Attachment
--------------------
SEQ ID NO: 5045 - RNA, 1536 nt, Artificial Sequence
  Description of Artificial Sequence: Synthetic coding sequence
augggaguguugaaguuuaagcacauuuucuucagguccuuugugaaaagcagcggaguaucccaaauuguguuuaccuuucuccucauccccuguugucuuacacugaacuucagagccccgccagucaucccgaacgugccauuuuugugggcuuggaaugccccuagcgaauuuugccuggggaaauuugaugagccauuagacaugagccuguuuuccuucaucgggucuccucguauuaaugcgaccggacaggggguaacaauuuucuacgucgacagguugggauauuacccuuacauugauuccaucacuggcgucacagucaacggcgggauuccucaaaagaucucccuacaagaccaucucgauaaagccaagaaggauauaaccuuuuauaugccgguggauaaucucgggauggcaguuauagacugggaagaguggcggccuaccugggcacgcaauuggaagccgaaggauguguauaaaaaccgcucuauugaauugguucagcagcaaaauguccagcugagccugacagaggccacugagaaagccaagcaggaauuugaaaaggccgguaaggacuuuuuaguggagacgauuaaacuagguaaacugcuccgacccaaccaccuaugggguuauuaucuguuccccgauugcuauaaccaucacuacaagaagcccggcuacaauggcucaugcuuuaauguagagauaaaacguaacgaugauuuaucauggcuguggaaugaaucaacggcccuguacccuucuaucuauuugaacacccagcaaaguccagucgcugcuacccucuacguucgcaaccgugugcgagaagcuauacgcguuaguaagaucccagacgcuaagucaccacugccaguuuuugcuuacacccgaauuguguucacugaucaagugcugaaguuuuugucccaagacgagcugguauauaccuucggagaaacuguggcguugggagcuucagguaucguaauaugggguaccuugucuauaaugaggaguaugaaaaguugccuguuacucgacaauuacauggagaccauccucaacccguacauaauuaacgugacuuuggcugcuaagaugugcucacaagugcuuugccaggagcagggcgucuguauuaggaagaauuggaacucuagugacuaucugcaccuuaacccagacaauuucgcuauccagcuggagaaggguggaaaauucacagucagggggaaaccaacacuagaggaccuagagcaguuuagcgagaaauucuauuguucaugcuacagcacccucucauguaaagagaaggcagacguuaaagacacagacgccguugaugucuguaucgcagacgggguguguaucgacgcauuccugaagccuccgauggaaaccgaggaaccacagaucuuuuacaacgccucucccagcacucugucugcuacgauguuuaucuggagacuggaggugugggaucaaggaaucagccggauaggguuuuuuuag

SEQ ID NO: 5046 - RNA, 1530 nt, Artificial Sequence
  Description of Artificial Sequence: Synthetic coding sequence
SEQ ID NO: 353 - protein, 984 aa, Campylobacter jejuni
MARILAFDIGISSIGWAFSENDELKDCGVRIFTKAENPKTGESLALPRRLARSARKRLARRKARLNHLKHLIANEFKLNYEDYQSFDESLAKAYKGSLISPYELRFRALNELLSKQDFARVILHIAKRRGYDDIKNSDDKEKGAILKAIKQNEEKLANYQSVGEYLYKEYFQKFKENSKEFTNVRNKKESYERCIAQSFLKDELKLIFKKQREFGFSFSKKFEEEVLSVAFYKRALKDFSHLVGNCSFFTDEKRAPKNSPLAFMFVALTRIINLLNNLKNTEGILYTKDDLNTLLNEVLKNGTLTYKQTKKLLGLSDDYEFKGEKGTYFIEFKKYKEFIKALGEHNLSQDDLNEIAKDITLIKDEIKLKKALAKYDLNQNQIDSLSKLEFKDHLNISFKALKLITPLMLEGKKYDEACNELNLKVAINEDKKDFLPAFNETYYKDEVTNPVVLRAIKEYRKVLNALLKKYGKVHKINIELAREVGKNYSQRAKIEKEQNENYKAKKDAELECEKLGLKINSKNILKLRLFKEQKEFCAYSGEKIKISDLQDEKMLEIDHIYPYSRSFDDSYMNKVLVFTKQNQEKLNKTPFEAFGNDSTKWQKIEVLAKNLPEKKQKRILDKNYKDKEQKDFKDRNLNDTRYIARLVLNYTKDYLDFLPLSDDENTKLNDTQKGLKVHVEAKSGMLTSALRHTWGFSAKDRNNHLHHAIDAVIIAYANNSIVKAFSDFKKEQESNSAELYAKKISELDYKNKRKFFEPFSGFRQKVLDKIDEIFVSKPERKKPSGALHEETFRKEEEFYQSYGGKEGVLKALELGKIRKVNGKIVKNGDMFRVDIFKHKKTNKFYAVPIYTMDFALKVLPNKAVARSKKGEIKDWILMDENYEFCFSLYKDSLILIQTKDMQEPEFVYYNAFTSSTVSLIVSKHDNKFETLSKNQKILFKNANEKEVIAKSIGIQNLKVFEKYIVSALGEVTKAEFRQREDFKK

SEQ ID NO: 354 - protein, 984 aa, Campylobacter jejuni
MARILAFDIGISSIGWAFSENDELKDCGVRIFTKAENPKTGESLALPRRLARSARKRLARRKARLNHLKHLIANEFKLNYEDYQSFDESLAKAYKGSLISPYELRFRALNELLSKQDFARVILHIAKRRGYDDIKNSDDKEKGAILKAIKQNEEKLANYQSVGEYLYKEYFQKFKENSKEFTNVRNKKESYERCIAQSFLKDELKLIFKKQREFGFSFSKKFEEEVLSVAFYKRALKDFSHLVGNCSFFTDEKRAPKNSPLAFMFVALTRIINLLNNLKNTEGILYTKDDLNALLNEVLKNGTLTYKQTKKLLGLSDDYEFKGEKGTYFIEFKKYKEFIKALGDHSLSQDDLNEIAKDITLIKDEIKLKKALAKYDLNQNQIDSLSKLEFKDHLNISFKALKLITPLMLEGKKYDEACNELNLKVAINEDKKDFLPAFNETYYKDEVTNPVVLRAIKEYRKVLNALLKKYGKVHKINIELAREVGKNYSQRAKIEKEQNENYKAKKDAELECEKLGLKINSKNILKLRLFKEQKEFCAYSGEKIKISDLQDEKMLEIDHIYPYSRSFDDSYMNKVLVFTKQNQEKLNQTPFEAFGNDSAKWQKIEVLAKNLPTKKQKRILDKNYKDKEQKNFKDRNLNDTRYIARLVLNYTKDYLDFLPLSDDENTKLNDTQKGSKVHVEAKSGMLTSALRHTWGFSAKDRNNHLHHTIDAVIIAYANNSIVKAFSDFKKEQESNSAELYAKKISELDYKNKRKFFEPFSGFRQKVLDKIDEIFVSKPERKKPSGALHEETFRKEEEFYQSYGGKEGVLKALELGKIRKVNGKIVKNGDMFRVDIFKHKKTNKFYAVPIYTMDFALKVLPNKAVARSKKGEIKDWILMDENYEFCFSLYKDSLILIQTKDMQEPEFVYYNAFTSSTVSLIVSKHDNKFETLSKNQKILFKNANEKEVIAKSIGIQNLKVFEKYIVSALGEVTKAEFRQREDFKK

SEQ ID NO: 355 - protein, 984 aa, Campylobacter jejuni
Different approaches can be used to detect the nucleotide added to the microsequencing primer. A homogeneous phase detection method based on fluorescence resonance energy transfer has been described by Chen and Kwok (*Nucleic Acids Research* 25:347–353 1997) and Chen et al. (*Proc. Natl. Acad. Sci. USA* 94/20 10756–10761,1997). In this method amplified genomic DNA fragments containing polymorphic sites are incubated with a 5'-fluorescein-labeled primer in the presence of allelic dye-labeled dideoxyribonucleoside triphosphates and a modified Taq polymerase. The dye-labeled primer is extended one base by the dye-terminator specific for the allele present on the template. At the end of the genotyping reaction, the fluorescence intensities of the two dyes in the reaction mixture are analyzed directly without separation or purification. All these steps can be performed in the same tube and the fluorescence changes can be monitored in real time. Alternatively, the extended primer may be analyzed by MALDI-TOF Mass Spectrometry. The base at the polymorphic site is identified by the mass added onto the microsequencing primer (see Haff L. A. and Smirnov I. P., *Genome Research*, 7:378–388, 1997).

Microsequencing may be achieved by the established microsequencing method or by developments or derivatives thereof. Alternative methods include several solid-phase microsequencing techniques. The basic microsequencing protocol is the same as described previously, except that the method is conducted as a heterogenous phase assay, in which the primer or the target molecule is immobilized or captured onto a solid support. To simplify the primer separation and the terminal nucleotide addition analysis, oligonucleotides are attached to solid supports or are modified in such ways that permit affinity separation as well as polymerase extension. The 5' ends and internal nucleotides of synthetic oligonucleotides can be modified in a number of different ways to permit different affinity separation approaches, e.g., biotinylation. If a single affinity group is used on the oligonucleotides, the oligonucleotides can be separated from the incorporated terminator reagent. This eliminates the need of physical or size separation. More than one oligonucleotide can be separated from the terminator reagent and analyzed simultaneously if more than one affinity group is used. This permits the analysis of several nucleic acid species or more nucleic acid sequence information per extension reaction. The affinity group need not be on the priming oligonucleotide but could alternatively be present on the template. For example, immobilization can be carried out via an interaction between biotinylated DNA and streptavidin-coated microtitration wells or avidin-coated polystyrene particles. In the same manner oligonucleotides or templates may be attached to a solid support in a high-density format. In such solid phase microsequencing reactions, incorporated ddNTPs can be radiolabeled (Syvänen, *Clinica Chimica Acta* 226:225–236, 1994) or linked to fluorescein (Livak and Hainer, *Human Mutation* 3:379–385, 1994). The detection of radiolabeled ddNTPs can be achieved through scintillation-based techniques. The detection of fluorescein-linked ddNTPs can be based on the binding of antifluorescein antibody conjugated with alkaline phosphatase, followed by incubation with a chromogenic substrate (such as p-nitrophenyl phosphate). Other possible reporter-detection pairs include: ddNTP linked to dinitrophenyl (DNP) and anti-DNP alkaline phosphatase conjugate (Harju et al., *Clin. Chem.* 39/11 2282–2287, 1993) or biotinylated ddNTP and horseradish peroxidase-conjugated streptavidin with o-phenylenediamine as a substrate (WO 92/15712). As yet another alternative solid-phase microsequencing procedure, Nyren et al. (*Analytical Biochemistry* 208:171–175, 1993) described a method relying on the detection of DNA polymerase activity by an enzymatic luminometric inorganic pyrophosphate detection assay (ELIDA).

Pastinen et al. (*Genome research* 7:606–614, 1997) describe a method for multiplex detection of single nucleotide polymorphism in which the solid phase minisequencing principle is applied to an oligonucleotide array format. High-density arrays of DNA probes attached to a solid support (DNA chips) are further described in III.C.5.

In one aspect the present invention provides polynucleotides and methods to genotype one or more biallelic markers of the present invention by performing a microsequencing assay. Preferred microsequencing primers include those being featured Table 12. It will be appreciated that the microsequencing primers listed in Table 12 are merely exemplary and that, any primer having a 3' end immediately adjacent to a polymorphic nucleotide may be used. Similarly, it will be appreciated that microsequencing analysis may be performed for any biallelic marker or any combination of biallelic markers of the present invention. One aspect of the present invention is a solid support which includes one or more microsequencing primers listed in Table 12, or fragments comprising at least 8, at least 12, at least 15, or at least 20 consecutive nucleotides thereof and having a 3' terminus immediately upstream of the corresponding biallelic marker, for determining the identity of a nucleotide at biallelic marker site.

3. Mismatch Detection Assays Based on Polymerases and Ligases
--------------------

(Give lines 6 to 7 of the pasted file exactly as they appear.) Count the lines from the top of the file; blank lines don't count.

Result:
SEQ ID NO: 353 - protein, 984 aa, Campylobacter jejuni
MARILAFDIGISSIGWAFSENDELKDCGVRIFTKAENPKTGESLALPRRLARSARKRLARRKARLNHLKHLIANEFKLNYEDYQSFDESLAKAYKGSLISPYELRFRALNELLSKQDFARVILHIAKRRGYDDIKNSDDKEKGAILKAIKQNEEKLANYQSVGEYLYKEYFQKFKENSKEFTNVRNKKESYERCIAQSFLKDELKLIFKKQREFGFSFSKKFEEEVLSVAFYKRALKDFSHLVGNCSFFTDEKRAPKNSPLAFMFVALTRIINLLNNLKNTEGILYTKDDLNTLLNEVLKNGTLTYKQTKKLLGLSDDYEFKGEKGTYFIEFKKYKEFIKALGEHNLSQDDLNEIAKDITLIKDEIKLKKALAKYDLNQNQIDSLSKLEFKDHLNISFKALKLITPLMLEGKKYDEACNELNLKVAINEDKKDFLPAFNETYYKDEVTNPVVLRAIKEYRKVLNALLKKYGKVHKINIELAREVGKNYSQRAKIEKEQNENYKAKKDAELECEKLGLKINSKNILKLRLFKEQKEFCAYSGEKIKISDLQDEKMLEIDHIYPYSRSFDDSYMNKVLVFTKQNQEKLNKTPFEAFGNDSTKWQKIEVLAKNLPEKKQKRILDKNYKDKEQKDFKDRNLNDTRYIARLVLNYTKDYLDFLPLSDDENTKLNDTQKGLKVHVEAKSGMLTSALRHTWGFSAKDRNNHLHHAIDAVIIAYANNSIVKAFSDFKKEQESNSAELYAKKISELDYKNKRKFFEPFSGFRQKVLDKIDEIFVSKPERKKPSGALHEETFRKEEEFYQSYGGKEGVLKALELGKIRKVNGKIVKNGDMFRVDIFKHKKTNKFYAVPIYTMDFALKVLPNKAVARSKKGEIKDWILMDENYEFCFSLYKDSLILIQTKDMQEPEFVYYNAFTSSTVSLIVSKHDNKFETLSKNQKILFKNANEKEVIAKSIGIQNLKVFEKYIVSALGEVTKAEFRQREDFKK